At the top of the list of sites to visit in South Louisiana are its historic churches. There are several religions practiced in South Louisiana today, such as Judaism, Islam, various forms of Christianity, and more; Catholicism, however, is particularly prevalent in Acadiana because of the religion’s deep roots in Louisiana and Acadian history. Yet Catholicism was firmly established in the colony long before the Acadians or even the earliest European settlers arrived in Louisiana. In fact, the Mississippi River was first mapped due to the records of Louis Joliet, a fur-trapper, and Father Jacques Marquette, a Jesuit priest (“Expedition”). Missionary priests were present among the earliest settlers in Louisiana (Pasquier). Until 1803, funding for priests’ salaries and the building of Catholic churches in Louisiana were handled by the French or, later, Spanish government (Oubre 19). It is largely because of Louisiana’s Catholicism that the Acadians were able to find refuge here.
The Acadians were francophone settlers in Nova Scotia, forcibly expelled by the British when they refused to acknowledge the British king as head of Church and State (Heimlich). Most Acadians eventually found their way to French-speaking, Catholic Louisiana, beginning settlements in the areas now known as St. Martinville and Opelousas (Oubre 12). This tour will explore the early churches settled not only by the Acadians but by all early settlers in the area now known as Acadiana.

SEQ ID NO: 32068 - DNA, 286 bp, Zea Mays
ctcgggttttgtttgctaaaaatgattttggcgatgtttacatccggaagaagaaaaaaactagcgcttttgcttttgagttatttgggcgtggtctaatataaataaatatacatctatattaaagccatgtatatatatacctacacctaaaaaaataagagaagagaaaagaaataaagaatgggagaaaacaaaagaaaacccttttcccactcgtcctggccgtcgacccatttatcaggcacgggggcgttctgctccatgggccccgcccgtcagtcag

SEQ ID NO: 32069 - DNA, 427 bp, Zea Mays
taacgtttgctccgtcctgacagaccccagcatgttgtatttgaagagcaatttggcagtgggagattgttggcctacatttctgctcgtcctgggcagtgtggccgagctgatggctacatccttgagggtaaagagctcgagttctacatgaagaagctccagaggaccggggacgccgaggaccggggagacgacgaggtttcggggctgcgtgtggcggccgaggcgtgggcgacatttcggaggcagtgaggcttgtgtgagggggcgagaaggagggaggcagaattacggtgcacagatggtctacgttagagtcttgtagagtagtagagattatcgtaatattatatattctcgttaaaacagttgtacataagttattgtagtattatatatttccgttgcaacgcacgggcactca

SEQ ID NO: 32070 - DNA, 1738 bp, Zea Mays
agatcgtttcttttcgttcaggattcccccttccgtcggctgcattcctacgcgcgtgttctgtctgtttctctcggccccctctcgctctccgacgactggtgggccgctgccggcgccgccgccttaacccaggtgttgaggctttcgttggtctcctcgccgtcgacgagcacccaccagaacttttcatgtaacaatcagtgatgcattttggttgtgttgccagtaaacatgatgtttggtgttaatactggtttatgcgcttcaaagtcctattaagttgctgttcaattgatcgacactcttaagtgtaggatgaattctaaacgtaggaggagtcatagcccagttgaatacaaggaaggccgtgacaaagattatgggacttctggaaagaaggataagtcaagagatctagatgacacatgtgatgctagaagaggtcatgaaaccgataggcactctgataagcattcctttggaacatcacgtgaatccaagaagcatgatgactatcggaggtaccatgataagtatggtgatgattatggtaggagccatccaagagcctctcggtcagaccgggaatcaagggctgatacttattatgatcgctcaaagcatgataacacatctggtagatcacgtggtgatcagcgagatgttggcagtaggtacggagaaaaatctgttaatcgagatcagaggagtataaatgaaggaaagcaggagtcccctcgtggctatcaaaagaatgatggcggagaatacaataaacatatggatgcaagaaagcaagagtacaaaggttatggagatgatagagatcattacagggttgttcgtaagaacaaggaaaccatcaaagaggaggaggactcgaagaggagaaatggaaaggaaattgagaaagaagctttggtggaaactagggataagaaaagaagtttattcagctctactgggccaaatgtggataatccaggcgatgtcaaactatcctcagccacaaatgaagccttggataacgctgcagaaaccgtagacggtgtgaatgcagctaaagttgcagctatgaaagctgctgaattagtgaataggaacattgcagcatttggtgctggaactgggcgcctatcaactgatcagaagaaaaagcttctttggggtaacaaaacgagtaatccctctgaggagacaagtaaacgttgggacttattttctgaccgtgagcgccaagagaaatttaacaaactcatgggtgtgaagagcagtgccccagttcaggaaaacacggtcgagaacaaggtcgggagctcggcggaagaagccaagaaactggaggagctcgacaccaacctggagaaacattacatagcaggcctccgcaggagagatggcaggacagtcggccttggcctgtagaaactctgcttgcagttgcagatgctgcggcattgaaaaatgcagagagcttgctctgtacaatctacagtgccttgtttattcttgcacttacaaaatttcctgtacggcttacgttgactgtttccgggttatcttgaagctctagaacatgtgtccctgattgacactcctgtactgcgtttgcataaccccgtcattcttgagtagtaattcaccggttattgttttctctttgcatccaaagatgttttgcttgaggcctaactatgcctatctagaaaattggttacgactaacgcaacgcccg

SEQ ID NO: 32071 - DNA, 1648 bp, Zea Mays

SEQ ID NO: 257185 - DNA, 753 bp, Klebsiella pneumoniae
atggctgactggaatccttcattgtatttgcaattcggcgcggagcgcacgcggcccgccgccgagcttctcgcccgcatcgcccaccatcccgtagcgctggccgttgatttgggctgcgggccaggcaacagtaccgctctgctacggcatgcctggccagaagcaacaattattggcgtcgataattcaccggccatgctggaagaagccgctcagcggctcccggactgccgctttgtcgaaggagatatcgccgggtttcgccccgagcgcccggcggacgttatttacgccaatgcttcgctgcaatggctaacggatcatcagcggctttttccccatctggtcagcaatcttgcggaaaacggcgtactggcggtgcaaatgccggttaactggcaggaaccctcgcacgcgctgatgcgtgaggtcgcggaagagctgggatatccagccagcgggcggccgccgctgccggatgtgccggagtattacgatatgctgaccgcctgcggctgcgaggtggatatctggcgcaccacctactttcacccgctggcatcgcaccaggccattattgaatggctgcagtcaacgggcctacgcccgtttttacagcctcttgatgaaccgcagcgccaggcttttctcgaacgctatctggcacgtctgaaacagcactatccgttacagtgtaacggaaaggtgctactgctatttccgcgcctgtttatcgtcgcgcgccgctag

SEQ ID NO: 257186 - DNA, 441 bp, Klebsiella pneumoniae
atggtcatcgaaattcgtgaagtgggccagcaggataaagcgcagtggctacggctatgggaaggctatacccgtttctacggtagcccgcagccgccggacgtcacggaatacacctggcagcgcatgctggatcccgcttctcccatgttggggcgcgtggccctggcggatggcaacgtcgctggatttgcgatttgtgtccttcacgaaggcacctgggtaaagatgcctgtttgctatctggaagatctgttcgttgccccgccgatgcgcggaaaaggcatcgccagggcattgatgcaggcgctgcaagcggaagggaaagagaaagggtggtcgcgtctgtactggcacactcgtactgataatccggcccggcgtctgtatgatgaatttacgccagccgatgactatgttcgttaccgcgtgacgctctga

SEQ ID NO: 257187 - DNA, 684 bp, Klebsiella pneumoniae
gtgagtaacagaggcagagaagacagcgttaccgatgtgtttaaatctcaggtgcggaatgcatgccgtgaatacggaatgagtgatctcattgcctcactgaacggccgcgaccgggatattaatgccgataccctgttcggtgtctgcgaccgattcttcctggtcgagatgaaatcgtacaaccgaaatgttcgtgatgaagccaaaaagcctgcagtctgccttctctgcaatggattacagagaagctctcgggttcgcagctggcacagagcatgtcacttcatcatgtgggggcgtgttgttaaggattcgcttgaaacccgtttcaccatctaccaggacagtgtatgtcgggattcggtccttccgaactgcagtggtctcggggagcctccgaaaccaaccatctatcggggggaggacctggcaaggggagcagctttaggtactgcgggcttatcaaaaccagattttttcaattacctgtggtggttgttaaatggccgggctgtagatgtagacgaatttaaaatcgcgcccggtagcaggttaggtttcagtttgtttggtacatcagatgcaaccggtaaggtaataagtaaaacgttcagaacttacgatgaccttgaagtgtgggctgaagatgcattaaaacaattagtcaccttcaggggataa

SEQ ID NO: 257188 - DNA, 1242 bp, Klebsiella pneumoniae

Here we focus on Catholic religious sites because many of the earliest cities in Acadiana developed outward from the local Catholic church; it was the hub of activity. The Catholic Church connected many areas in Louisiana when there were no roads to do so; missionary priests traveled by land and water to reach those who lived far from a church. The history of the Church in Louisiana demonstrates how the interconnected, familial atmosphere of South Louisiana came about.